Judica me, deus
I was born in 1977. The same year as my beloved Mariners, one year after my beloved Seahawks. In the years since then, I've been amply rewarded for my faith in both teams. I've seen Curt Warner, Jacob Green, Steve Largent; Ken Griffey Jr., Edgar Martinez and Alex Rodriguez. The great Seahawks teams of the 1980s led by Kenny Easley, Dave Krieg, Joe Nash, etc., more than made up for the mediocre M's teams of Matt Young, Pat Putnam and Spike Owen.
Then, the M's caught fire - first with a nucleus of young talent led of course by Griffey, A-Rod and Randy Johnson, and later with a team without stars or weaknesses. If the M's had never finished higher than third, I would still be thankful that I got to witness such an alignment of baseball talent. There are fans of teams who've won multiple World Series titles that haven't witnessed the pure joy, the thrill of a game like this. If that was to be the limit, the ultimate reward for my fandom, I'd be okay with that.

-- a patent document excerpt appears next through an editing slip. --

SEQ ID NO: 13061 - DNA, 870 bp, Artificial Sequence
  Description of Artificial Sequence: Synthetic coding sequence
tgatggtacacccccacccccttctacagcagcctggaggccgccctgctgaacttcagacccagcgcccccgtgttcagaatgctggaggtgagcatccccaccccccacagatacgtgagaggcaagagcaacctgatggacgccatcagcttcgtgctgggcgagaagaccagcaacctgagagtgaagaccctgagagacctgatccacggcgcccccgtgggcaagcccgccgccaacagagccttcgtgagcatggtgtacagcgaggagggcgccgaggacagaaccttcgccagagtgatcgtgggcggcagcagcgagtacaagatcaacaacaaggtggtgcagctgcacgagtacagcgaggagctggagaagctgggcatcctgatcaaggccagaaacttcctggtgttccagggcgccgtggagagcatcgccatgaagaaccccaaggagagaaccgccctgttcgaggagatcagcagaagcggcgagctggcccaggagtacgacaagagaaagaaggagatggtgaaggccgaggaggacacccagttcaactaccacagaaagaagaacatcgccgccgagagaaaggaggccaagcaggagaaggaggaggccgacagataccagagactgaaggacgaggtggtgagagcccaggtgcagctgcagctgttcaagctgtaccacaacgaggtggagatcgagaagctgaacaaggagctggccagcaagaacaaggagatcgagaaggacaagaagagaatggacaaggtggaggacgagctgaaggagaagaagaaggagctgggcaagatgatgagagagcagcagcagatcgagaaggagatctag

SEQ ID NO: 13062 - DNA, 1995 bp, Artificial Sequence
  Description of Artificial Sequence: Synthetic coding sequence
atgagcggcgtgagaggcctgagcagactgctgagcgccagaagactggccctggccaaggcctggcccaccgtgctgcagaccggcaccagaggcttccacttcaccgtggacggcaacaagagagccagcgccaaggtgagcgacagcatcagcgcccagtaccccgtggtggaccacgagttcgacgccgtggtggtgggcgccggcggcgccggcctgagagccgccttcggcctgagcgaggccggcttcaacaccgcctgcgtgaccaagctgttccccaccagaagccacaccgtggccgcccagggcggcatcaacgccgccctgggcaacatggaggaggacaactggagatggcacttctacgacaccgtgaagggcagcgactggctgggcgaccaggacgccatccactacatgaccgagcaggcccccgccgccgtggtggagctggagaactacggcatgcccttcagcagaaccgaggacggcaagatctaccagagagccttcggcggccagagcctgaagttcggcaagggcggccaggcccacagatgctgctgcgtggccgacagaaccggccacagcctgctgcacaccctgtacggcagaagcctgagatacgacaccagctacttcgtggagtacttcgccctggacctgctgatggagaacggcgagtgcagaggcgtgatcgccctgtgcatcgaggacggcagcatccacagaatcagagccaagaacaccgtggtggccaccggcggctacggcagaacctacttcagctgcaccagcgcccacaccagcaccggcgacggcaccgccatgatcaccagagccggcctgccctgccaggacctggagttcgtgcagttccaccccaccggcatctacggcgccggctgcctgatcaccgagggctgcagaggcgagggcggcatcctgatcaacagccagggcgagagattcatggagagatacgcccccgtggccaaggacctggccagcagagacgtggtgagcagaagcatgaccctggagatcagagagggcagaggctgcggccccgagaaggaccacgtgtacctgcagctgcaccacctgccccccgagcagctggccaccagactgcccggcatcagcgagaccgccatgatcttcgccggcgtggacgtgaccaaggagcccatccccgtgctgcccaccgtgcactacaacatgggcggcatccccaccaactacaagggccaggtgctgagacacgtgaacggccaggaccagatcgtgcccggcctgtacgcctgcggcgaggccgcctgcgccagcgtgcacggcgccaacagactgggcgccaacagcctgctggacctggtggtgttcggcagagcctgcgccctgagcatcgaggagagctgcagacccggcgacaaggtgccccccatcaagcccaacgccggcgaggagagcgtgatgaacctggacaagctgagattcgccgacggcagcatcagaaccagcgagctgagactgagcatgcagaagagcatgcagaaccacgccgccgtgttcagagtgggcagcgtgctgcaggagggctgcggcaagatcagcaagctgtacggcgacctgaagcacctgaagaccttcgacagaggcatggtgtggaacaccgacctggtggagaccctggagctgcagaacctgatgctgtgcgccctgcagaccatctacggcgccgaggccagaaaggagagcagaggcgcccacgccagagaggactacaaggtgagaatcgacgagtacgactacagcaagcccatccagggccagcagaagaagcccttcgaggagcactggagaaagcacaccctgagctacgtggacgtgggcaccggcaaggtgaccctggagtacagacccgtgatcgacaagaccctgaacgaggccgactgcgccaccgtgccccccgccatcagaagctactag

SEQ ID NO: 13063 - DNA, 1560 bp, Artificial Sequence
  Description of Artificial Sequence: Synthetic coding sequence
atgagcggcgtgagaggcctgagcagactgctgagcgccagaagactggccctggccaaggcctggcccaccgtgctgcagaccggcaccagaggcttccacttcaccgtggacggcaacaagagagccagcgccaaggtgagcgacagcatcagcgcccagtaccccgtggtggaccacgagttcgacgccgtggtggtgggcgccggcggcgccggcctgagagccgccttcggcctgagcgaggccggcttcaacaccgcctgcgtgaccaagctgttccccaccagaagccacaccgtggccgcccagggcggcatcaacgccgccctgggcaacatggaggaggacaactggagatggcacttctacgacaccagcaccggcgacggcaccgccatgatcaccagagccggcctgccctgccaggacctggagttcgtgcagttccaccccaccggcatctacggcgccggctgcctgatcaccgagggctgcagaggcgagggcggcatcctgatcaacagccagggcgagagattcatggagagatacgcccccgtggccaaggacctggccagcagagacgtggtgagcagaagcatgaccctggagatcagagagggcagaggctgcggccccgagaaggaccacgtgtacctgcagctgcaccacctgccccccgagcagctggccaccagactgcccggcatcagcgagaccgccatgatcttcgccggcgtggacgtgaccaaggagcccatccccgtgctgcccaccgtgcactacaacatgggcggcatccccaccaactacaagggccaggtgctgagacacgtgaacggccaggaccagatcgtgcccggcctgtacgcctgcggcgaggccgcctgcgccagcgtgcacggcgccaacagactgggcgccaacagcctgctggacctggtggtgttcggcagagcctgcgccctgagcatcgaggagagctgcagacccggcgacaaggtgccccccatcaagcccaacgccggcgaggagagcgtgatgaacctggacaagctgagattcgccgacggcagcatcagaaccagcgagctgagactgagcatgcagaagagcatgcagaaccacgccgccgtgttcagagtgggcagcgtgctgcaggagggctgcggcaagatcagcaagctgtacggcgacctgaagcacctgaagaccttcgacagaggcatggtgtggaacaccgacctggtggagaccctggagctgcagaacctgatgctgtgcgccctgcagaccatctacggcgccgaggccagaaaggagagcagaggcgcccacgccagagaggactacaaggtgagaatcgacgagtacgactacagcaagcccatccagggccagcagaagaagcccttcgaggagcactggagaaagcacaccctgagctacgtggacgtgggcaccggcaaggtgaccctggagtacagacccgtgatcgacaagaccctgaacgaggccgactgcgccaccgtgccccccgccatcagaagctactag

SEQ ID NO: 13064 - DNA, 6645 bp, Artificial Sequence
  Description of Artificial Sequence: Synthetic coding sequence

It wasn't of course; the 1995 team's comeback from a seemingly insurmountable Angels' lead, the 1997 team's progress were both incredibly exciting, even though I was living far from Seattle at the time. I was in Europe for the 1997 season - a fact that made it both difficult and incredibly rewarding to be a fan. Fellow M's fans gathered together and it was there that I felt most personally the virtual community that being a fan engenders. I remember talking with another fan about the acquisition of Roberto Kelly like it was the most important thing in the world; we talked about how far that McGwire home run must have travelled and what it must have looked like and *sounded* like. Following the M's via the nascent internet (with Lynx browsers! Kids today have never understood the discrete charms of a UNIX-based browser! Look at me, I'm not even 30 and I talk like this...) was an incredibly powerful thing - I've never felt so connected to my hometown as when I listened to Dave Niehaus' voice coming through my crappy computer speakers (another factoid for the kids: listening to MLB radio feeds over the internet used to be free).